Rook - Shearwater

Universal acclaim - based on 20 Critics

Critic score distribution:
  1. Positive: 19 out of 20
  2. Mixed: 0 out of 20
  3. Negative: 1 out of 20
  1. With Rook they have fashioned an album that is melodic, tender, outstanding but above all, captivating. One thing is for sure, this is one of the best albums of the year.
  2. Meiburg's voice focuses each track on quietly bold melodies, strung through with excitement, wonder, and joy.
  3. This "calm before the storm" aesthetic dominates Rook, and in another testament to its short running time, works beautifully, illuminating the few straightforward pieces like "Century Eyes," "Leviathan, Bound," and the brooding title track like a centuries-old woodcut, and allowing the tension that permeates the entire affair to ebb and flow naturally, resulting in one of the most heady and satisfying albums of the year.
  4. Rook is great, with an emotional clarity and narrative acuity that makes it one of the year's most rewarding listens.
  5. Shearwater has magnificently outdone itself. Not only is Rook destined to be named one of 2008’s favorites, but it could be one of the best albums for years to come.
  6. Rook is an epic undertaking that plumbs the depths of the seas ("Leviathan, Bound") to the heavens themselves ("I Was a Cloud," "The Hunter's Star") for the sounds that make the stories sing.
  7. Worth mentioning about Rook, as something of a corollary to its ostensible punch-in-the-gut dynamics, is how creatively put together it all is.
  8. Rook is the kind of music that people fall in love with, not simply because it’s, by most metrics, wonderful music, but because it contains enough mood swings that no matter how you are feeling, it’s always appropriate. [Summer 2008]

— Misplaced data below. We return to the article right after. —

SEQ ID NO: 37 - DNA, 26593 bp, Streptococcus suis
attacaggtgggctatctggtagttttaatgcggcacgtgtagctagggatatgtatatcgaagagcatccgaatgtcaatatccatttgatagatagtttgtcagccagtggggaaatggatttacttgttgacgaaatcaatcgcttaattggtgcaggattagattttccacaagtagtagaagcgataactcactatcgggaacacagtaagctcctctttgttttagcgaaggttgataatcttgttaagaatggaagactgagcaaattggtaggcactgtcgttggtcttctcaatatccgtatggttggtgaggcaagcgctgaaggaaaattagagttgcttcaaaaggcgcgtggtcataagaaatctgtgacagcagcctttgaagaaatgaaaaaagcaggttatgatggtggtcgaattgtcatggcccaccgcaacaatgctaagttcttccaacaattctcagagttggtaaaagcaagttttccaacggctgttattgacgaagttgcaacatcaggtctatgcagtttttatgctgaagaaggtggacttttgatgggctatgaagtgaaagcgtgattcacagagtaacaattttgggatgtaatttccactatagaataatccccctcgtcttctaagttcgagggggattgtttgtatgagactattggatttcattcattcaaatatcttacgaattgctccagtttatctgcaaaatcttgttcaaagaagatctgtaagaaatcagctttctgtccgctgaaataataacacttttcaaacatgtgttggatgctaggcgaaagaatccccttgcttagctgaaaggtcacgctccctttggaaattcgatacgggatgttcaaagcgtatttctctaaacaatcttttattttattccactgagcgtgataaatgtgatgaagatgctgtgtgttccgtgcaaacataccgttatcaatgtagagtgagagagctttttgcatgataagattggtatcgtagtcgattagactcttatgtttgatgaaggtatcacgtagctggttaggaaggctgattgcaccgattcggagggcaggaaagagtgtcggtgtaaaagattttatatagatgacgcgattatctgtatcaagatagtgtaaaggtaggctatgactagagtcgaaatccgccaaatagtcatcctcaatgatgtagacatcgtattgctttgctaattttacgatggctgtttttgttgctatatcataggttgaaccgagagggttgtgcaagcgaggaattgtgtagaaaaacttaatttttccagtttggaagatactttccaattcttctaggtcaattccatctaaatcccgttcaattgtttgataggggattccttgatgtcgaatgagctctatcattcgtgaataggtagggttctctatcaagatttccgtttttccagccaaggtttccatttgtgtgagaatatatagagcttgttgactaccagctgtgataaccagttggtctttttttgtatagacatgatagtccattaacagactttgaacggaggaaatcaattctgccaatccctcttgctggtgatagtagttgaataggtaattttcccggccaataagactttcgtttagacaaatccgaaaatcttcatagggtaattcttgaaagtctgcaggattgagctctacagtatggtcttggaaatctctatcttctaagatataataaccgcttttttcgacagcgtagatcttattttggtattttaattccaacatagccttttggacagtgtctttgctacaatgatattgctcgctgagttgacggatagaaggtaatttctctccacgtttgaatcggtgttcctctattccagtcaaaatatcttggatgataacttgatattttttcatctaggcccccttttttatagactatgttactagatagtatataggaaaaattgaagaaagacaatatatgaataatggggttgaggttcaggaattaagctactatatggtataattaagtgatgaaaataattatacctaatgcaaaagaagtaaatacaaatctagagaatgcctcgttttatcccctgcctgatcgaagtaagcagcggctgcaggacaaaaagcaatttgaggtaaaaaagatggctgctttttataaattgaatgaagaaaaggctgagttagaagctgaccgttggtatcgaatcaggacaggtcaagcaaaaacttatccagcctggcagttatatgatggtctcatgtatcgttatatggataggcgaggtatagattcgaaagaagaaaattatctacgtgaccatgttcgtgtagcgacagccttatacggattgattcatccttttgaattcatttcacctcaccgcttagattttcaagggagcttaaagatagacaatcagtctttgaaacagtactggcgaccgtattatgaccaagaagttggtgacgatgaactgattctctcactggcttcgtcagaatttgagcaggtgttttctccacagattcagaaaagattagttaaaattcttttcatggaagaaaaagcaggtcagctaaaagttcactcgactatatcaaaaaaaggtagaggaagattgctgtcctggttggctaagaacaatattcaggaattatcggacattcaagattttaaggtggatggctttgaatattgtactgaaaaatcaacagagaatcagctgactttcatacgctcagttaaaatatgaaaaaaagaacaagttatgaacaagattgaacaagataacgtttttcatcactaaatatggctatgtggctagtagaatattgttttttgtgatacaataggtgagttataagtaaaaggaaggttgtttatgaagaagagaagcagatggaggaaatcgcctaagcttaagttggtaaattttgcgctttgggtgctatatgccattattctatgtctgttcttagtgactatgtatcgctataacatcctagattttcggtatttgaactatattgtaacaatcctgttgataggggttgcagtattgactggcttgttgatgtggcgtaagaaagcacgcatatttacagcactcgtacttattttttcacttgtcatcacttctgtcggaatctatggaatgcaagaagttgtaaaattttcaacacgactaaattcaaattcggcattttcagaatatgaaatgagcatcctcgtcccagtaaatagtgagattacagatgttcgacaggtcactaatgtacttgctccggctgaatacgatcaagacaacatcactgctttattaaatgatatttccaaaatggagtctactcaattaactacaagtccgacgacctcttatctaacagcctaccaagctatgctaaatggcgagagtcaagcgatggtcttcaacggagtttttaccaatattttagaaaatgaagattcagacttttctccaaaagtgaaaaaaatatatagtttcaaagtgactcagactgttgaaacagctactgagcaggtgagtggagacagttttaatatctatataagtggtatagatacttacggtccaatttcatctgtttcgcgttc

9. As impressive and uniformly gorgeous a record as Rook is, the band's best work is likely still to come.
  10. 80
    From clanging rock songs to eerie ambient pieces to sensual acoustic reveries, it's all highly detailed and perfectly weighted. [Aug 2008, p.98]
  11. 80
    [Meiburg] applies this Audubon-ish enthusiasm to his songs, too, crafting a rich, occasionally macabre, fantasy world populated by starlings, gulls and solitary falconers.
  12. Rooks is a hugely self-assured and often compelling album, which looks outside of the world of modern man for inspiration, and in most cases, finds it in spades.
  13. While Shearwater has always been album-oriented (they've been known in the past, like Okkervil River, for their themed albums) Rook is by far their most successful to date.
  14. While Meiburg's voice, charisma, and songwriting dominate this album, his backing band does a fantastic job of growing and falling, creating the dramatic effects he envisioned.
  15. While earlier albums hinted at the kind of open-air pastorals that the band was capable of, Rook delivers on all the promise.
  16. Rook is flush with the hallmarks of Shearwater’s style, from high-wire drama to near-hymnal stillness. Although its songs aren’t as uniformly good as those on 2006’s "Palo Santo."
  17. It has resulted in a not-completely enchanting experience, but an involving and worthwhile one nonetheless. Explore for its many corners of interest.
  18. 70
    While Jonathan Meiburg’s uneasy high quaver has always generated the kind of simmering intensity that made Jeff Buckley so gripping and unnerving, canny tonal shifts give his introspective songs a bristling, heightened urgency.
  19. If Rook is as ambitious as they feel they can be without adding excess, then that's a good tradeoff, but their sound right now fits them like a pair of shoes that are a size too small.
  20. The songs here tend to go nowhere for a quiet couple of minutes before bursting randomly into tightly composed melodrama, which could be mistaken for actually going somewhere.

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